The AI from Quake 3 dates back to when having a dedicated AI programmer was rare. This means you should be able to understand the structure of the AI code rather easily compared to more modern engines.
As for the files, there are a few things to note:
Files named be_aas_*.[h,c] contain the navigation code, also known as the Area Awareness System. This constitutes over 50% of the lines of code in the whole AI.
The singe file be_ea.c provides a wrapper for all the elementary actions that the bot can perform. However, the implementation of these actions is done in the engine itself, since the players perform the same actions as the bots.
The files be_ai*.[h,c] contain the AI logic itself, but the implementation is split over the ./code/botlib/ and the ./code/game/ directories.
The supporting library code seems to be in files named l_*.[h,c], which is a convention used throughout the engine. In particular you’ll find code for serializing data-structures and loading simple settings from scripts.
Screenshot 2: Fast-pace deathmatch action in Quake 3 Arena.
When browsing through the code, in particular pay attention to the following components.
- Area Awareness System
- The bots in Quake 3 are famous for their AAS navigation system. Basically, the structure of the levels is analyzed, which is used to extract volumes of space that are navigable (e.g. walkable surfaces, swimming areas). A process then analyzes these areas for connections by simulating potential movement from each of them, and then clusters the areas together to allow hierarchical path-finding.
- Routing With Caching
- Quake 3 uses a form of pathfinding (in be_aas_route.[h,c]) within the AAS graph that relies on the clusters of areas. Within these clusters, the paths to common destinations are pre-calculated and stored for later use.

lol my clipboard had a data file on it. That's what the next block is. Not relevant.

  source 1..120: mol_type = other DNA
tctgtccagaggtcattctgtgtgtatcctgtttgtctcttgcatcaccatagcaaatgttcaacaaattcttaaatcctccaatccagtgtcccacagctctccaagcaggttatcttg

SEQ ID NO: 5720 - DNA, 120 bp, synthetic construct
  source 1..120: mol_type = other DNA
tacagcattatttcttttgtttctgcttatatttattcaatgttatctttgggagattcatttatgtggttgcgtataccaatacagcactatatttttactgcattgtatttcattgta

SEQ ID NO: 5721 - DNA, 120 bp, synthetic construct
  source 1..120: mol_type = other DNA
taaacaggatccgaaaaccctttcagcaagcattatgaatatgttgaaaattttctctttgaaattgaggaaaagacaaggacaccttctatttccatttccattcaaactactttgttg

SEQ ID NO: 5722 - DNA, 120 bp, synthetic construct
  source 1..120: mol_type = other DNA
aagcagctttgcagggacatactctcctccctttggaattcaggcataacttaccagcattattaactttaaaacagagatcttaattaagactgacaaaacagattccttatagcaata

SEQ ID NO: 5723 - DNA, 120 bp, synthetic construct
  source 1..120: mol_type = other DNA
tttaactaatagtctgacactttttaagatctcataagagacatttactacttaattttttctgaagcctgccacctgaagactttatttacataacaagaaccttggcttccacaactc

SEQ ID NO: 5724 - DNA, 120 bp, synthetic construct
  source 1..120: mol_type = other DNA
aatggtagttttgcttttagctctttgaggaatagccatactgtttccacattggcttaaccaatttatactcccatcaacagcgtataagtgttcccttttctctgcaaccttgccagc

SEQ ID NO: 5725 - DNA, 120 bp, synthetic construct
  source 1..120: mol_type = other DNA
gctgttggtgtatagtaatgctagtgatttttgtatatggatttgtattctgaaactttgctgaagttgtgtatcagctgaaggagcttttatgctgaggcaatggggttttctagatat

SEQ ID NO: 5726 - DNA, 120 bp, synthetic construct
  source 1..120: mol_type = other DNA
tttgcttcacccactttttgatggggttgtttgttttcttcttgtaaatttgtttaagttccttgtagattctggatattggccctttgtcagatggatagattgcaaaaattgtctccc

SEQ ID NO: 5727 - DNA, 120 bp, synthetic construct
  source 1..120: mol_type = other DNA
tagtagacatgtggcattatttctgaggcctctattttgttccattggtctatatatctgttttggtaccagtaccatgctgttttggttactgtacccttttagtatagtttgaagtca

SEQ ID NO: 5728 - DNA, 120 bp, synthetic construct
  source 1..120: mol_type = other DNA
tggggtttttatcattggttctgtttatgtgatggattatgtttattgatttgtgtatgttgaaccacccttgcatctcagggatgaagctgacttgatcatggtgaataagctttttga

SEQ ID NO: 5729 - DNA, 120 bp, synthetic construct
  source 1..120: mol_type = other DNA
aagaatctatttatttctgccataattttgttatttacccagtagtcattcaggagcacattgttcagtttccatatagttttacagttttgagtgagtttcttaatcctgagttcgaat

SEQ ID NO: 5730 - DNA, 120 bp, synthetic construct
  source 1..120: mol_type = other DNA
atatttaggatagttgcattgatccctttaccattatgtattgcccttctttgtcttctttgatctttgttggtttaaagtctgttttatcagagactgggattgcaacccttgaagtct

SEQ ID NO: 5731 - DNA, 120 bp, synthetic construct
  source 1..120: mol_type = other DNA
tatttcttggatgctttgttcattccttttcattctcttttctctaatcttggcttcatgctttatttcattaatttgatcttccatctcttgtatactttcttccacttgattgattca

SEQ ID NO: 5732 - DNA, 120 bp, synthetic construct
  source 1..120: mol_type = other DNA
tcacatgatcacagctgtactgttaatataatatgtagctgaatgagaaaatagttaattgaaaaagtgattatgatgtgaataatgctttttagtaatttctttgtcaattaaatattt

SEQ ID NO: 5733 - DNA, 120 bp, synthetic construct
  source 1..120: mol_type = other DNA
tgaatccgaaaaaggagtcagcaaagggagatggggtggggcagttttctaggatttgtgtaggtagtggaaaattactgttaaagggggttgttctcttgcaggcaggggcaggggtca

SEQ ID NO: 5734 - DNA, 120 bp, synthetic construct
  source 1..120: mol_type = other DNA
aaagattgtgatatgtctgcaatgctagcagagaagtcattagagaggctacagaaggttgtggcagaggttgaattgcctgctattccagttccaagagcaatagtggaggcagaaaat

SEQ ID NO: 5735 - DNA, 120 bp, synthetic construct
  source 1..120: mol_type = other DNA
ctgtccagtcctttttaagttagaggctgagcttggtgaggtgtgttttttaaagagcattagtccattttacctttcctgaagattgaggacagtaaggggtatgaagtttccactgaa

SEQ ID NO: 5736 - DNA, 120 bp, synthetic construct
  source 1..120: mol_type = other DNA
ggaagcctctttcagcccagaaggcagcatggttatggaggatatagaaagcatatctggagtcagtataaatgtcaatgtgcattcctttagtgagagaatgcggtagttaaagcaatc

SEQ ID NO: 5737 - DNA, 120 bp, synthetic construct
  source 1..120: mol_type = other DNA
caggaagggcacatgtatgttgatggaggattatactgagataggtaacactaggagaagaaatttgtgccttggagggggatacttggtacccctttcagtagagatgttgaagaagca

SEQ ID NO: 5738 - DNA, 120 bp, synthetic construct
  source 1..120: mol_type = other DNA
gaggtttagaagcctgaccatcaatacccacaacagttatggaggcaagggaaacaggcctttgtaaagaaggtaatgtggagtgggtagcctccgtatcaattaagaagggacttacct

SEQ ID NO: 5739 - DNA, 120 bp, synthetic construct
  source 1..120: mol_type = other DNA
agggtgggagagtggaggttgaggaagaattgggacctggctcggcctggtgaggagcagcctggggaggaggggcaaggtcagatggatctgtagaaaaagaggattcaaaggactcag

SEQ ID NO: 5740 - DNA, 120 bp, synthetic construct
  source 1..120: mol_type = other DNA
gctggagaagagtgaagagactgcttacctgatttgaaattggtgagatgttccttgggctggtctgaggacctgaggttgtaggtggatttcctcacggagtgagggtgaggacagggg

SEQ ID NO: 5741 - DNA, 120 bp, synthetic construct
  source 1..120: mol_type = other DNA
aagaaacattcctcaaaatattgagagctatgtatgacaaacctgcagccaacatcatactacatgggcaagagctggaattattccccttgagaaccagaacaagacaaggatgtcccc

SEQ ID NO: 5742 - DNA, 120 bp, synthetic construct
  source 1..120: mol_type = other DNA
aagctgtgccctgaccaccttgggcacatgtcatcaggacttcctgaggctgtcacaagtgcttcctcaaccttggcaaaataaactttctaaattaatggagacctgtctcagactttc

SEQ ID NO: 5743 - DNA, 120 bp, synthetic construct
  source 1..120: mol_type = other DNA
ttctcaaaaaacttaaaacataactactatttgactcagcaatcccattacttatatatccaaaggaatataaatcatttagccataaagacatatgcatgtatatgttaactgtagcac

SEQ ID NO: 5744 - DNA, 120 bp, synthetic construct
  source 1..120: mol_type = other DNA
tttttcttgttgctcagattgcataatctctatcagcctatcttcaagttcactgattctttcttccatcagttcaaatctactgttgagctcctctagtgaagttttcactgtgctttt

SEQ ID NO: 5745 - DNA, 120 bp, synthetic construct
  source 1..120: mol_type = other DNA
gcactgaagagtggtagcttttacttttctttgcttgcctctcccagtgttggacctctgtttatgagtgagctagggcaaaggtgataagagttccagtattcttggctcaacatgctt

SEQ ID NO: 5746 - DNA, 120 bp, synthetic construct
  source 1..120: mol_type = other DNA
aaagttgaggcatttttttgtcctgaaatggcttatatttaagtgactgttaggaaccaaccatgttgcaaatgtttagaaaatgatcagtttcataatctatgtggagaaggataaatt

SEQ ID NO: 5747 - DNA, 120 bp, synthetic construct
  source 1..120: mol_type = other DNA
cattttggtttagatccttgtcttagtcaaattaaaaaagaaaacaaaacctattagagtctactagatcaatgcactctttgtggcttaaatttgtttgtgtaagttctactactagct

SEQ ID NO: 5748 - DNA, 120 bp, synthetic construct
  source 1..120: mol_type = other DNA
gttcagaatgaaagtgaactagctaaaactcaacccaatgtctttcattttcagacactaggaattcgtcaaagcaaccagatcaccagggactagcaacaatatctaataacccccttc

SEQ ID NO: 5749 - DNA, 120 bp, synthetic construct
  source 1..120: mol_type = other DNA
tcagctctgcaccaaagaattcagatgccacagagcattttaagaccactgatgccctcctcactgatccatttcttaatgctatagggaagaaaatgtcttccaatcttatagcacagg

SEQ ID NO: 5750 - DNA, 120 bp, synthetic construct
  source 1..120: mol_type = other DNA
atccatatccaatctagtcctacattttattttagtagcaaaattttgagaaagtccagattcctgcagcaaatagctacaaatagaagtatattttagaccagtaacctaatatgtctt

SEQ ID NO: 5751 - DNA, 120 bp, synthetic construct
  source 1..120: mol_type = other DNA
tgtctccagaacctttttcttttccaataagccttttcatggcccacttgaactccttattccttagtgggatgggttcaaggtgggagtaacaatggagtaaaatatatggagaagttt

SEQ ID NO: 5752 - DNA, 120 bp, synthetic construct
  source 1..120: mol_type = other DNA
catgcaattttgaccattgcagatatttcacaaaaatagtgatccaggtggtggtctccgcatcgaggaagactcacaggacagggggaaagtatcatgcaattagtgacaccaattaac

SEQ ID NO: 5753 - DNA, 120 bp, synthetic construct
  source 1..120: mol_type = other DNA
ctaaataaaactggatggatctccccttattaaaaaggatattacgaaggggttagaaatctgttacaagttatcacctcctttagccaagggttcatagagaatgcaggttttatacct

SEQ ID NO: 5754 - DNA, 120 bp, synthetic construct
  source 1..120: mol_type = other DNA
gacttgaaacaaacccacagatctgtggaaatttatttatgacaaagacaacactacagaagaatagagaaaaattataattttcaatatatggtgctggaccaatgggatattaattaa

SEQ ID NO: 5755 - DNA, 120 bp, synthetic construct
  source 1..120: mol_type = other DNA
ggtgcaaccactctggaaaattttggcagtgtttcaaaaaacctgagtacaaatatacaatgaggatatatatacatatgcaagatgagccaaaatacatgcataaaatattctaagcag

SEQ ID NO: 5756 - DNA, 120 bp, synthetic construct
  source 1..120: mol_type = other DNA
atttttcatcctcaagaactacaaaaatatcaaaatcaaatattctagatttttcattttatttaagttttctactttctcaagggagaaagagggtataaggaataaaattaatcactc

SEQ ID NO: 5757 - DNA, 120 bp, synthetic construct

- Stack-Based Goal Architecture
- In the files be_ai_goal.[h,c] you’ll find implementation of dynamic goals using a stack. In particular, each goal has a fuzzy activation value (which can be optimized using genetic algorithms). The stack is used to keep track of things to do, which allows the AI to solve simple puzzles and prioritize its behavior easily.
- Main AI Routine
- At the top-level of the system there’s a traditional state machine which builds upon the the goal-based stack. You’ll find this logic in the game part of the project under the filename ai_dmq3.[h,c]. What’s amazing when you’ve become used to an object-oriented C++ approach is that everything is so simple and explicit; there’s one bot_state_t data-structure, and a bunch of global functions that implement different parts of the state machine.
All in all, Quake 3 is a great place to start for developers wanting to look into commercial AI. It’s certainly not a trivial implementation, but it’s probably as simple as you can make a fully featured AI engine and ship it in a game.
Stay tuned to AiGameDev.com for a more in-depth analysis of the Quake 3 bot’s design. In fact, there’s a whole thesis on the subject, which you can find in this thread of the forums (registration and introduction required).